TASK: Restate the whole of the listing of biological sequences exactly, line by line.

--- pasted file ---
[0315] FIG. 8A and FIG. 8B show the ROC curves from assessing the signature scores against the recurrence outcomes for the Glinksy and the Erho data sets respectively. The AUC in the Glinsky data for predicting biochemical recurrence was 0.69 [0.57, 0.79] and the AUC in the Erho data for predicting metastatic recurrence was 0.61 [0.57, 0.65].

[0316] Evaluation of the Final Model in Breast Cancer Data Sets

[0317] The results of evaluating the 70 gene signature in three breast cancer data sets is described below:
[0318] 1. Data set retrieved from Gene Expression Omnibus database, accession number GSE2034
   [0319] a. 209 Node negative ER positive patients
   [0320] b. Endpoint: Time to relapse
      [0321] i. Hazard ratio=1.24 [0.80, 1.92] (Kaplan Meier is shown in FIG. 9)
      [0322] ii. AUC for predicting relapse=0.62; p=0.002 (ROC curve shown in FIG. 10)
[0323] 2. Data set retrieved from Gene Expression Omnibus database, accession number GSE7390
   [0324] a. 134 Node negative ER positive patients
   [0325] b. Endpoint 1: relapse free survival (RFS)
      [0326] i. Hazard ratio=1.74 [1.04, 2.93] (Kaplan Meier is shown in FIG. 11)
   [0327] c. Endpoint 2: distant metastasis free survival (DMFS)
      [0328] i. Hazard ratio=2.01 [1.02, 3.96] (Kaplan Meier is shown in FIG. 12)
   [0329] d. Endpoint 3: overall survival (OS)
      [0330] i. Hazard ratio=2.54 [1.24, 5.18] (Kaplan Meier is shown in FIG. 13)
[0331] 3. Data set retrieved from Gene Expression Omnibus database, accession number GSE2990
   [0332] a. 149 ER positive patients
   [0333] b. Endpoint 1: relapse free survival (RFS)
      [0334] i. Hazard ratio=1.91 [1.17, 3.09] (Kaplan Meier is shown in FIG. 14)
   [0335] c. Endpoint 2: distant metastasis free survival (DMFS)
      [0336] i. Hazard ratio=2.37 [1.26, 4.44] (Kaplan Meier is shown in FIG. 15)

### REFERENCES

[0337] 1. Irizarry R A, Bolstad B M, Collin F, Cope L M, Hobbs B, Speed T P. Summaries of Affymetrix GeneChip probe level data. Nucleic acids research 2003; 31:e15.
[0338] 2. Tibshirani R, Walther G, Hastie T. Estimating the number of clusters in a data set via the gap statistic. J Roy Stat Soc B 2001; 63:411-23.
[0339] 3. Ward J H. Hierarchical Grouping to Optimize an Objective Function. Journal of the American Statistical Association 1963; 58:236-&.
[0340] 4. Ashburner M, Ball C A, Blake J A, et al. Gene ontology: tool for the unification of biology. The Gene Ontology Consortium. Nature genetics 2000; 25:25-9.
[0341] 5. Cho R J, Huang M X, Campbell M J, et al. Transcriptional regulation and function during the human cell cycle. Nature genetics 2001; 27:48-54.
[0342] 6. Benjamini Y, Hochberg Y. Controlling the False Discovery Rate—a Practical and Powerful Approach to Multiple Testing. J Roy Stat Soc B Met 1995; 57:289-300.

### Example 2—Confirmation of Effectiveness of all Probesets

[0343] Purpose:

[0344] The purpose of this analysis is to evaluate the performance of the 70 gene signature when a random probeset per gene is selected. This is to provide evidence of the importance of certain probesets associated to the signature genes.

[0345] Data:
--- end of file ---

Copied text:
[0315] FIG. 8A and FIG. 8B show the ROC curves from assessing the signature scores against the recurrence outcomes for the Glinksy and the Erho data sets respectively. The AUC in the Glinsky data for predicting biochemical recurrence was 0.69 [0.57, 0.79] and the AUC in the Erho data for predicting metastatic recurrence was 0.61 [0.57, 0.65].

[0316] Evaluation of the Final Model in Breast Cancer Data Sets

[0317] The results of evaluating the 70 gene signature in three breast cancer data sets is described below:
[0318] 1. Data set retrieved from Gene Expression Omnibus database, accession number GSE2034
   [0319] a. 209 Node negative ER positive patients
   [0320] b. Endpoint: Time to relapse
      [0321] i. Hazard ratio=1.24 [0.80, 1.92] (Kaplan Meier is shown in FIG. 9)
      [0322] ii. AUC for predicting relapse=0.62; p=0.002 (ROC curve shown in FIG. 10)
[0323] 2. Data set retrieved from Gene Expression Omnibus database, accession number GSE7390
   [0324] a. 134 Node negative ER positive patients
   [0325] b. Endpoint 1: relapse free survival (RFS)
      [0326] i. Hazard ratio=1.74 [1.04, 2.93] (Kaplan Meier is shown in FIG. 11)
   [0327] c. Endpoint 2: distant metastasis free survival (DMFS)
      [0328] i. Hazard ratio=2.01 [1.02, 3.96] (Kaplan Meier is shown in FIG. 12)
   [0329] d. Endpoint 3: overall survival (OS)
      [0330] i. Hazard ratio=2.54 [1.24, 5.18] (Kaplan Meier is shown in FIG. 13)
[0331] 3. Data set retrieved from Gene Expression Omnibus database, accession number GSE2990
   [0332] a. 149 ER positive patients
   [0333] b. Endpoint 1: relapse free survival (RFS)
      [0334] i. Hazard ratio=1.91 [1.17, 3.09] (Kaplan Meier is shown in FIG. 14)
   [0335] c. Endpoint 2: distant metastasis free survival (DMFS)
      [0336] i. Hazard ratio=2.37 [1.26, 4.44] (Kaplan Meier is shown in FIG. 15)

### REFERENCES

[0337] 1. Irizarry R A, Bolstad B M, Collin F, Cope L M, Hobbs B, Speed T P. Summaries of Affymetrix GeneChip probe level data. Nucleic acids research 2003; 31:e15.
[0338] 2. Tibshirani R, Walther G, Hastie T. Estimating the number of clusters in a data set via the gap statistic. J Roy Stat Soc B 2001; 63:411-23.
[0339] 3. Ward J H. Hierarchical Grouping to Optimize an Objective Function. Journal of the American Statistical Association 1963; 58:236-&.
[0340] 4. Ashburner M, Ball C A, Blake J A, et al. Gene ontology: tool for the unification of biology. The Gene Ontology Consortium. Nature genetics 2000; 25:25-9.
[0341] 5. Cho R J, Huang M X, Campbell M J, et al. Transcriptional regulation and function during the human cell cycle. Nature genetics 2001; 27:48-54.
[0342] 6. Benjamini Y, Hochberg Y. Controlling the False Discovery Rate—a Practical and Powerful Approach to Multiple Testing. J Roy Stat Soc B Met 1995; 57:289-300.

### Example 2—Confirmation of Effectiveness of all Probesets

[0343] Purpose:

[0344] The purpose of this analysis is to evaluate the performance of the 70 gene signature when a random probeset per gene is selected. This is to provide evidence of the importance of certain probesets associated to the signature genes.

[0345] Data: